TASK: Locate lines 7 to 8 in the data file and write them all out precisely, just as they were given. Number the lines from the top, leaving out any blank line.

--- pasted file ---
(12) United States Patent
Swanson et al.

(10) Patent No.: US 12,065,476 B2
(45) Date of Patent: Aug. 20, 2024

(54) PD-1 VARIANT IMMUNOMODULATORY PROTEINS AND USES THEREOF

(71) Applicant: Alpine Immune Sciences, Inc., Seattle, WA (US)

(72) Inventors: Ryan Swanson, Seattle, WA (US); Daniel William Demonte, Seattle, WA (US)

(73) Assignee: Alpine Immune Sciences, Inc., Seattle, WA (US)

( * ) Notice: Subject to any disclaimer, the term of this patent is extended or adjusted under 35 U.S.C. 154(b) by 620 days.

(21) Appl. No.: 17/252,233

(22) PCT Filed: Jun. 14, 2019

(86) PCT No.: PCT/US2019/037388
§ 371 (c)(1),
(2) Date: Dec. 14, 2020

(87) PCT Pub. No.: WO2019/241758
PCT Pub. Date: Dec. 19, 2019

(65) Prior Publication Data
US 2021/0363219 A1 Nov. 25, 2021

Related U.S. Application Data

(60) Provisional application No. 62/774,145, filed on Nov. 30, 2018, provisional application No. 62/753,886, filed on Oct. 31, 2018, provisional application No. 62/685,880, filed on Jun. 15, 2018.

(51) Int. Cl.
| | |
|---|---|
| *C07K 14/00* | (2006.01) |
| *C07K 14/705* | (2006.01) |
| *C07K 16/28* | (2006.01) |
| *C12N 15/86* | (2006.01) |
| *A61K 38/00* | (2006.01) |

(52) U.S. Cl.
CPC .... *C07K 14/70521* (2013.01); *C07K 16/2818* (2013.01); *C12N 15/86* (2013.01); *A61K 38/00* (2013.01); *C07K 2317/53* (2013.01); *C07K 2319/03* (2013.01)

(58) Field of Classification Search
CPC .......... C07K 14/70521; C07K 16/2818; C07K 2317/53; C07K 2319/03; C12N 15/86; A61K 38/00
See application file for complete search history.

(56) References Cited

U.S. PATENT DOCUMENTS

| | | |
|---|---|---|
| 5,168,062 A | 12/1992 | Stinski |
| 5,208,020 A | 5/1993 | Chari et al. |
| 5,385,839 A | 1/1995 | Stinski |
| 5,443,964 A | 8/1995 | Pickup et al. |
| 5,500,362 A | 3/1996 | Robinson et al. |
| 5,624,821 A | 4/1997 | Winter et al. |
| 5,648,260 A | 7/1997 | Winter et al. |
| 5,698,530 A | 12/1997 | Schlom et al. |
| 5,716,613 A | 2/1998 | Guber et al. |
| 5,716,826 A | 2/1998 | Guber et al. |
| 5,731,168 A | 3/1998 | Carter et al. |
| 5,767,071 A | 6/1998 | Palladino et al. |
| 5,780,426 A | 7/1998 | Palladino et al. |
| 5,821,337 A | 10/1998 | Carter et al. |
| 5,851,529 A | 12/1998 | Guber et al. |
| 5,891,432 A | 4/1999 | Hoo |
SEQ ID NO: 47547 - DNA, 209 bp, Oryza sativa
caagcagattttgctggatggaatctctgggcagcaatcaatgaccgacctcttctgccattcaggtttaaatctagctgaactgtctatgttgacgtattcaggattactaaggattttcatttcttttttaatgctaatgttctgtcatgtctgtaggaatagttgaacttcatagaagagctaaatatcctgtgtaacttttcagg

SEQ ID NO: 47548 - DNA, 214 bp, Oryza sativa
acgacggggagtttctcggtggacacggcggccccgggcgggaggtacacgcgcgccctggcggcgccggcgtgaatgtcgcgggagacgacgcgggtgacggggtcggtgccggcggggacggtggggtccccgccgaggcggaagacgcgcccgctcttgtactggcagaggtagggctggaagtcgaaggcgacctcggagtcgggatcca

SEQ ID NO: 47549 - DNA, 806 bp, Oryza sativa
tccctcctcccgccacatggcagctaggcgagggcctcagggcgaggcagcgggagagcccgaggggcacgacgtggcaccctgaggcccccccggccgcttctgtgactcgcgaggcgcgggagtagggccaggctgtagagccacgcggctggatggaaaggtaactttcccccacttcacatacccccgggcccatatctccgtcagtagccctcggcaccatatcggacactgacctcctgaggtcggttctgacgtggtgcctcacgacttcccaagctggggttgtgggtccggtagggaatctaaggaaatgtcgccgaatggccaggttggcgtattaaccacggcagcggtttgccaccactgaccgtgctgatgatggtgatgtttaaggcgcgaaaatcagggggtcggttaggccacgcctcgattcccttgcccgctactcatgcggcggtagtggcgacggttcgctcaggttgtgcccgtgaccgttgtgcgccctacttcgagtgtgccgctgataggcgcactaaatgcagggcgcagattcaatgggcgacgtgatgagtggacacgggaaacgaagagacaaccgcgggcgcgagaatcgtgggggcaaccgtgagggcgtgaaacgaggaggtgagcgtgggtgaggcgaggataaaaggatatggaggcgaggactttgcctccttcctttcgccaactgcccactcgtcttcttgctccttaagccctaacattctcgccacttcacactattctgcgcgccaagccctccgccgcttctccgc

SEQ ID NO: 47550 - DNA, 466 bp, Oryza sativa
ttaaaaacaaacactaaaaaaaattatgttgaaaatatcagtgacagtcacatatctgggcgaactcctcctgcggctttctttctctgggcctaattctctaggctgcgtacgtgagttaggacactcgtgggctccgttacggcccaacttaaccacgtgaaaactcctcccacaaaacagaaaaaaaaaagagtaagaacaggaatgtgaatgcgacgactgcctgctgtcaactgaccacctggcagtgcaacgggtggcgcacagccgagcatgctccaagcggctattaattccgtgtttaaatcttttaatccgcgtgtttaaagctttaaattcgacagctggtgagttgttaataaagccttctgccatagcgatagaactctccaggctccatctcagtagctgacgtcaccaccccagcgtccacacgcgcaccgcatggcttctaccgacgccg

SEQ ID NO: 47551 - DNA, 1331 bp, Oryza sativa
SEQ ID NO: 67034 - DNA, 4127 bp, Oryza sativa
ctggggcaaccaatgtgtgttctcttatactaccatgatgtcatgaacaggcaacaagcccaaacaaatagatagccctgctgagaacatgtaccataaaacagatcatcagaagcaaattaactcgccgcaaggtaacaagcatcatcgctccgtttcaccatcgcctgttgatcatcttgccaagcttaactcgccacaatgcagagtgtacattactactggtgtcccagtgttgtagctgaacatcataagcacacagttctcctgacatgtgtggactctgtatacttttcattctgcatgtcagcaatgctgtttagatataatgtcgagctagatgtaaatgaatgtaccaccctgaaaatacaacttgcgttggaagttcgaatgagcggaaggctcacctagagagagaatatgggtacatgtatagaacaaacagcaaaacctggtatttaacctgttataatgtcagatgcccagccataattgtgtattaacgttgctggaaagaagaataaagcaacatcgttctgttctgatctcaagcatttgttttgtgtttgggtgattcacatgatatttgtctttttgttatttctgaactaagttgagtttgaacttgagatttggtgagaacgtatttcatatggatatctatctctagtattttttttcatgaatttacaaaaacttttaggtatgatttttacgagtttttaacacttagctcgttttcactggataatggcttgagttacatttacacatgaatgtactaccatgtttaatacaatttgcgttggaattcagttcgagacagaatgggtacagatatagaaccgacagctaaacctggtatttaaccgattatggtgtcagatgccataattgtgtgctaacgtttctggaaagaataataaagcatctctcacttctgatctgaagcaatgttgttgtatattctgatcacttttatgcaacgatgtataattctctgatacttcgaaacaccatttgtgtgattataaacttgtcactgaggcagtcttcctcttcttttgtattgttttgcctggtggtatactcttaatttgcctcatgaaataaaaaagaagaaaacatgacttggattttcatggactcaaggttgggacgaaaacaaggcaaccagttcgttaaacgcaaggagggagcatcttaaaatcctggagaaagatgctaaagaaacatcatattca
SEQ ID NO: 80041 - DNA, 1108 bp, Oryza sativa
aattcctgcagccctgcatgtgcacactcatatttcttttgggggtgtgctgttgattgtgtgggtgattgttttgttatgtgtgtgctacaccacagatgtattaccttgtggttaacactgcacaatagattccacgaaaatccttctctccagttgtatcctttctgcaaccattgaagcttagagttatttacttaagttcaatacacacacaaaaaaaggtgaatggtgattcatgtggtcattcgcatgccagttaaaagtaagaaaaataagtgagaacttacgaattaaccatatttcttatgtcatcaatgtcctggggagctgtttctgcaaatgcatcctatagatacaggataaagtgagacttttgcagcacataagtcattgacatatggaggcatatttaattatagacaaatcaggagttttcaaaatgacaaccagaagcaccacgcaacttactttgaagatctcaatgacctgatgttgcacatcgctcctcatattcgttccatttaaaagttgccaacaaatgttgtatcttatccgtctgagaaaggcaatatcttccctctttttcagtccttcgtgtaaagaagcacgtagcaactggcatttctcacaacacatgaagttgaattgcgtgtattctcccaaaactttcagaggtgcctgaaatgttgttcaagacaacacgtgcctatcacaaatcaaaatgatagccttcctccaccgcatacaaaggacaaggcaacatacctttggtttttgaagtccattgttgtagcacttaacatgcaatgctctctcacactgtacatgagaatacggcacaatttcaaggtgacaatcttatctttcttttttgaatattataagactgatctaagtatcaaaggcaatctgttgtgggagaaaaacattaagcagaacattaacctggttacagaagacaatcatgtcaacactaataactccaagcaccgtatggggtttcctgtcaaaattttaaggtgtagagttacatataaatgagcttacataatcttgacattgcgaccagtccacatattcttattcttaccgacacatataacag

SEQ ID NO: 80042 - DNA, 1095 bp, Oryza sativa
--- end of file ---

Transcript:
(72) Inventors: Ryan Swanson, Seattle, WA (US); Daniel William Demonte, Seattle, WA (US)

(73) Assignee: Alpine Immune Sciences, Inc., Seattle, WA (US)